Pressure is mounting on Australia Post CEO Ahmed Fahour to step down after the company posted its worst full-year loss in 30 years on Friday.
The national postal service announced $222 million in losses after tax for 2014/15, compared to a $116.2 million profit one year ago.
In February, it posted a 56 per cent drop in half-yearly profits with managing director and CEO Ahmed Fahour saying the service was at “crisis point”.
The loss followed the announcement of the slashing of 1,900 jobs in June. In a statement on Friday, Australia Post blamed a continual decline in letter volumes for the weak result.
“What has Ahmed spent all the revenue on? There are certainly less employees,” Ms Doyle said.
“The largess within Australia Post, like sign on bonuses? There were never sign on bonuses in Australia Post until Ahmed came on.
“They’re making a mess of the joint. Nothing in Australia Post works like it should be. People who work in the industry are pulling their hair out.
“The staff are very frustrated because they can’t do a good job, no matter how hard they try because the people doing the planning don’t know what they’re doing.”
A spokesperson for Australia Post told The New Daily that $190 million of the $222 million loss was attributable to the voluntary redundancy program announced in June.
The program will run for the next three financial years. The spokesperson said there was nothing unusual in the headline profit announcement coming before the mid-October’s annual report was due to be tabled.
Secretary of the national branch of of the CWU Greg Rayner took a more optimistic outlook than some of his colleagues.
He said despite today’s announcement, Australia Post can recover with “sensible reform”.
“It is abundantly clear that the letter side of the business cannot be profitable in its current form,” Mr Rayner said.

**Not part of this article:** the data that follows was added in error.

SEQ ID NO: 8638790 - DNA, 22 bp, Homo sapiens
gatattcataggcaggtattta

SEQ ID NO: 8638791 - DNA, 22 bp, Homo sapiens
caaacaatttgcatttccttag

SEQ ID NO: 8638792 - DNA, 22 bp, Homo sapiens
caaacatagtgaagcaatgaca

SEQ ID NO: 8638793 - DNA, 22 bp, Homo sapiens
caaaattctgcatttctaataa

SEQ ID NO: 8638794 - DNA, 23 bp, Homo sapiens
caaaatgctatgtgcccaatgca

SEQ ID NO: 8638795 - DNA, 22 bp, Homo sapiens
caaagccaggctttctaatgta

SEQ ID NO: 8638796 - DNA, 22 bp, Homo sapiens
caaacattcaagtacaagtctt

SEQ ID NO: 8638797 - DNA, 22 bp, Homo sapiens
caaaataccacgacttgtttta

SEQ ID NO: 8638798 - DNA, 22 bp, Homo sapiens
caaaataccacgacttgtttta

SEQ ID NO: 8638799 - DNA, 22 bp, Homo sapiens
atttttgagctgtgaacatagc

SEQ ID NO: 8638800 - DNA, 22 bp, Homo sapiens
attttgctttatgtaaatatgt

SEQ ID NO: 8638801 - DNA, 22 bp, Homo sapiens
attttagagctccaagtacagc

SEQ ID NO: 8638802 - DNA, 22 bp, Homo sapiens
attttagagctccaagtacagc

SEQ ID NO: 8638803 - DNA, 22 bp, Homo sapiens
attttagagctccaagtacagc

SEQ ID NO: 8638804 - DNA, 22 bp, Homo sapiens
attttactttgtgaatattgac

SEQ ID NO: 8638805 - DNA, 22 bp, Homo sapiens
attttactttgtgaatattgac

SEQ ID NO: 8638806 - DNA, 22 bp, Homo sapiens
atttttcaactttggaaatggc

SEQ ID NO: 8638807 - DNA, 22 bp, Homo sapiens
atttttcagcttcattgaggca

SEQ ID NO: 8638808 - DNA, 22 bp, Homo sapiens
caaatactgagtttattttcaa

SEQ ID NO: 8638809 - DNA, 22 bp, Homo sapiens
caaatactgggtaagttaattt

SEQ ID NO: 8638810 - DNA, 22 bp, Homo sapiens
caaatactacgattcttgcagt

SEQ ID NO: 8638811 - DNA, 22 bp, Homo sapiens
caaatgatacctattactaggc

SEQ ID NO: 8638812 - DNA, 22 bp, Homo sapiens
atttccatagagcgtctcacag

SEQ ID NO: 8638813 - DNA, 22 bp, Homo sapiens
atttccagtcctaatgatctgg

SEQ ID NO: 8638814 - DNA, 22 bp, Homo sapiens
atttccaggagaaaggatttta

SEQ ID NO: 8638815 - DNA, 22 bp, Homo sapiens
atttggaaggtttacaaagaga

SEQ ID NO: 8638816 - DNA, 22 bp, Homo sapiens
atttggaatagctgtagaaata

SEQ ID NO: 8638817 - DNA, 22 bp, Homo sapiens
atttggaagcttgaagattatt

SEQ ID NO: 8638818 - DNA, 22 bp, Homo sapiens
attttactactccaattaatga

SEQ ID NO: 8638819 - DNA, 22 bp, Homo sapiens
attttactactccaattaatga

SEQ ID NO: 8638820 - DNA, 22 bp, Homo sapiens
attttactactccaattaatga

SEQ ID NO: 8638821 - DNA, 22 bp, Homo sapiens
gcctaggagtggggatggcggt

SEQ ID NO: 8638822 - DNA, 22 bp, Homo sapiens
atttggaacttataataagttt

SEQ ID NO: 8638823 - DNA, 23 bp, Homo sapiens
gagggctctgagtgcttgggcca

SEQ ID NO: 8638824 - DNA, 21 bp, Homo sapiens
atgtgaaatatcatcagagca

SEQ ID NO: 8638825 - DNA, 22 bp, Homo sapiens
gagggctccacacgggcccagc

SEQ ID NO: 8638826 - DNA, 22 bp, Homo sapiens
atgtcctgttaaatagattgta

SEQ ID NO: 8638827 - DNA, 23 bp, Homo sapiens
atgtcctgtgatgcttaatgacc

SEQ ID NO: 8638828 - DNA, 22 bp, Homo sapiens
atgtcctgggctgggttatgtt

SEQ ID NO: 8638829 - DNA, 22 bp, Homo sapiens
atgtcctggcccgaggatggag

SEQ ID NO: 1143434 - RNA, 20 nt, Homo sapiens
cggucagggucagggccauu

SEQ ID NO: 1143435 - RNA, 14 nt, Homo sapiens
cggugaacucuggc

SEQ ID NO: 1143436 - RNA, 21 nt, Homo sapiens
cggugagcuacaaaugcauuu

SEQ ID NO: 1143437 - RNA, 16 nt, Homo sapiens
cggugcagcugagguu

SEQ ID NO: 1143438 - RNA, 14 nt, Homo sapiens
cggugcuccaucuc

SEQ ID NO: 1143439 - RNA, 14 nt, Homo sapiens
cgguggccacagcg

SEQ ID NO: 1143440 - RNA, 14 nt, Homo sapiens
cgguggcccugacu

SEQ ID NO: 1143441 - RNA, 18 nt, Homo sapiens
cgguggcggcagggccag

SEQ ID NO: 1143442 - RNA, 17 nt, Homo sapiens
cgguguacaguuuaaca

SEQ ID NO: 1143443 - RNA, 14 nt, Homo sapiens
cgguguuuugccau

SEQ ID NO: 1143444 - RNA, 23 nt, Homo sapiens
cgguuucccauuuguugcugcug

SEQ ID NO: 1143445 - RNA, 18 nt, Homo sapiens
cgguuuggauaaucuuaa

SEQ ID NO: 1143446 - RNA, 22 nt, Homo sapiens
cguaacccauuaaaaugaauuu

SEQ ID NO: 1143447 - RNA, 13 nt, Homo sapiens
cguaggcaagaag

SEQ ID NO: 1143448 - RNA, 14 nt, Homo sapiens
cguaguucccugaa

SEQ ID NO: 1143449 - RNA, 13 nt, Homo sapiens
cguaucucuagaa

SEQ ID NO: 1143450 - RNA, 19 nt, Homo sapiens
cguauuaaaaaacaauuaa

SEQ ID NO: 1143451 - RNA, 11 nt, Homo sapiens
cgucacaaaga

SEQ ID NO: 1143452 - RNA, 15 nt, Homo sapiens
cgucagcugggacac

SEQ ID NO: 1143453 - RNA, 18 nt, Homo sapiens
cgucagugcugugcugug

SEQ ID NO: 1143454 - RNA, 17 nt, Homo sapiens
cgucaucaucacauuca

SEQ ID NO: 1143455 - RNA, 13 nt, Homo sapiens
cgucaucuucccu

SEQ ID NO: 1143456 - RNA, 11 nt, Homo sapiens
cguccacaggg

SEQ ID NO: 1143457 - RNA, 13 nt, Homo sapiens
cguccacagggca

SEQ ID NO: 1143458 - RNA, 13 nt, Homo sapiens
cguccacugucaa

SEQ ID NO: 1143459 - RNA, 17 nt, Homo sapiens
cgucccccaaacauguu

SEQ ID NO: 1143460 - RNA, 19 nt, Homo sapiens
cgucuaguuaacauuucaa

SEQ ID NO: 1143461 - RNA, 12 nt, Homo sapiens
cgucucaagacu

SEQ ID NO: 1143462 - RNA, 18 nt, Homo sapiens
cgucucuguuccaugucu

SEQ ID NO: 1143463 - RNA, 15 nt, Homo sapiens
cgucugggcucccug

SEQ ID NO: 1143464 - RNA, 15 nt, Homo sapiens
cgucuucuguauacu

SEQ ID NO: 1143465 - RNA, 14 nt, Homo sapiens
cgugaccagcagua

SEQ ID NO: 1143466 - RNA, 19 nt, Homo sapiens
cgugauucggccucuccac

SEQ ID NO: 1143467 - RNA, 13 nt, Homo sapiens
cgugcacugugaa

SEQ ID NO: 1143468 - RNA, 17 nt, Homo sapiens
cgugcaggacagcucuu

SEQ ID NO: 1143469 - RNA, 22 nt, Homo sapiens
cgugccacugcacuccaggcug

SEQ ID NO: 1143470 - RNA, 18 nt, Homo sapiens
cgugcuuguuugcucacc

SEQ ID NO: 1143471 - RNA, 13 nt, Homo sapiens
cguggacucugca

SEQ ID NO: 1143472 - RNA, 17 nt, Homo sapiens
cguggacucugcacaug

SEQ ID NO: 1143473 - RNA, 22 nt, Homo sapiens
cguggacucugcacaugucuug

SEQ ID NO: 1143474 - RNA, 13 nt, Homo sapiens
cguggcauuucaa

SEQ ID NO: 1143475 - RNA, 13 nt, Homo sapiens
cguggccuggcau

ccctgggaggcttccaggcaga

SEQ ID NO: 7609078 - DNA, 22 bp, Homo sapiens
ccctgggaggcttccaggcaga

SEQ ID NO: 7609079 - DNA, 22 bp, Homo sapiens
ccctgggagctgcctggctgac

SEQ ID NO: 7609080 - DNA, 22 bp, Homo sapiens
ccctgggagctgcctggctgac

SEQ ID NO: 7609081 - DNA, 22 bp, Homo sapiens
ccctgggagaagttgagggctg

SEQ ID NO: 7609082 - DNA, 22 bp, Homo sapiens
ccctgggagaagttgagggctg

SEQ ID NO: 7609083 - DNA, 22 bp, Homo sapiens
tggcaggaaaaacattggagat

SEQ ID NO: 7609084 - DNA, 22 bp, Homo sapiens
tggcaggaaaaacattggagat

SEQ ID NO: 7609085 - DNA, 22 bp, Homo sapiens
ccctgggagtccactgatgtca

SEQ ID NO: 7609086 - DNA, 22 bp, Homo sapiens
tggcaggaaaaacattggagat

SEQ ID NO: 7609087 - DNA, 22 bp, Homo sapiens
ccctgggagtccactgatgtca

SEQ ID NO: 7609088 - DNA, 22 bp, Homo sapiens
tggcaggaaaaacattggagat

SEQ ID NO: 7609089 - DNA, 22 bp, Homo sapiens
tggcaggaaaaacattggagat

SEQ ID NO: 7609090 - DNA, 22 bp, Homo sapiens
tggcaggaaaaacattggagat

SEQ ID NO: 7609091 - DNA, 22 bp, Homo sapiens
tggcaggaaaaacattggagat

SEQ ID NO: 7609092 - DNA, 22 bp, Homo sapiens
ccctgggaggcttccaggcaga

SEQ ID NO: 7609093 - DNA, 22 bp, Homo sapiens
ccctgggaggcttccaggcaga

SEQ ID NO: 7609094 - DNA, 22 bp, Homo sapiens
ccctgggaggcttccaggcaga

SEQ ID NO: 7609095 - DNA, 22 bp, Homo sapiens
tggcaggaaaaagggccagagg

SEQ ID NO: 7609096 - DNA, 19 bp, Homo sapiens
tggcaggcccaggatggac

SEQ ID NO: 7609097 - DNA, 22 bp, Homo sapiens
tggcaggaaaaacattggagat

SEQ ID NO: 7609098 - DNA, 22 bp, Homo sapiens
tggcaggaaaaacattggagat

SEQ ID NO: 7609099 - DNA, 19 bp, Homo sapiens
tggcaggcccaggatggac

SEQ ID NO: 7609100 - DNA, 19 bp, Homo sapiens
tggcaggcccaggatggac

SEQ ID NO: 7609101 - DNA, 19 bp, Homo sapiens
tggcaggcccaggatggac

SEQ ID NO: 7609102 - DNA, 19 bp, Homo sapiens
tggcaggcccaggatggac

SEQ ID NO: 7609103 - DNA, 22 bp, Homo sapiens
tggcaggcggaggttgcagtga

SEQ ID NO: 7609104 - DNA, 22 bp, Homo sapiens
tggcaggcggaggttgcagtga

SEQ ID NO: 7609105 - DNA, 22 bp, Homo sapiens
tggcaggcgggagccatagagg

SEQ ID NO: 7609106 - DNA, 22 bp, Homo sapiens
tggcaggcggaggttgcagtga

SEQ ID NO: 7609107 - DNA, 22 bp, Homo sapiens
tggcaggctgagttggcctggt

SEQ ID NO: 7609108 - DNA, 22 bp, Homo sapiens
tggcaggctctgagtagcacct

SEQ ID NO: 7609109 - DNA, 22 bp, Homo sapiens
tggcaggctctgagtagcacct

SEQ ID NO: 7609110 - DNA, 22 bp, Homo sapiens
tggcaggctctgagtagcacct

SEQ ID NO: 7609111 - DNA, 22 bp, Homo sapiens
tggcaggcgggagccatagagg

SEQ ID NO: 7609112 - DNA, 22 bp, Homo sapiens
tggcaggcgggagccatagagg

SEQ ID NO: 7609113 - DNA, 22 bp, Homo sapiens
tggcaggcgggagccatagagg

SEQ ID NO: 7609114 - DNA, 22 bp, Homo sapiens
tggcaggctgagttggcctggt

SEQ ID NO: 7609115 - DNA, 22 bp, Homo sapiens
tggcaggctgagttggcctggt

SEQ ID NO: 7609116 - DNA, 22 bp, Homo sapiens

“The very encouraging part of these results is the parcel side of the business, which is a huge growth area and will see substantial jobs growth in coming years.”
Mr Fahour said it had been a challenging year for the business and the letters service was undergoing an important transformation.
“We continue to make headway with reforming our letters business and we are investing in the infrastructure and digital capabilities – vital to servicing the changing needs of our customers,” Mr Fahour said.
He said despite the strong result from the group’s parcels business, Australia Post was up against a highly competitive market with more domestic and international freight companies offering sorting and deliveries.
Letter volumes had fallen 7.3 per cent with losses in the mail business growing to $381 million, as Australians switched to digital alternatives, Australia Post said in the statement.
However, that was offset by parcel revenue which rose 3.6 per cent to $3.21 billion.
For the first time, parcels made up more than half of the group’s revenue of $6.37 billion, which remained stable with the previous year.
Does this mean mail will cost us more?
In March 2015 the Abbott Government created reform to help arrest the postal service’s falling financial performance, after it announced a 56 per cent drop in half-yearly profits in February.
Australia Post recorded a first-half profit of just $98 million, with the dive driven by mounting losses of $151 million in its letters business.
The Federal Government granted Australia Post a green light to implement sweeping changes in an attempt to keep the service afloat, by creating a two-speed letter delivery system.
In a statement to The New Daily, a spokesperson for Communications Minister Mitch Fifield said the government was keeping a close eye on the corporation.
“Australia Post is at a critical point with its letters business in serious and permanent decline,” the spokesperson said.
“It is expected that the introduction of postal regulatory reforms of a two speed letter service will help Australia Post to return to a more sustainable position.
“The Government will closely monitor the implementation of the current postal regulatory reforms.”
In another desperate bid, Australia Post sought approval from the Australian Competition and Consumer Commission (ACCC) in August, to raise the basic stamp price from 70 cents to $1, which would result in a 42 per cent rise in the price of sending standard letters within Australia.
A 60-cent stamp price will remain in place for pensioners and Commonwealth concession card holders, and Christmas cards will still cost 65 cents to send.
– with AAP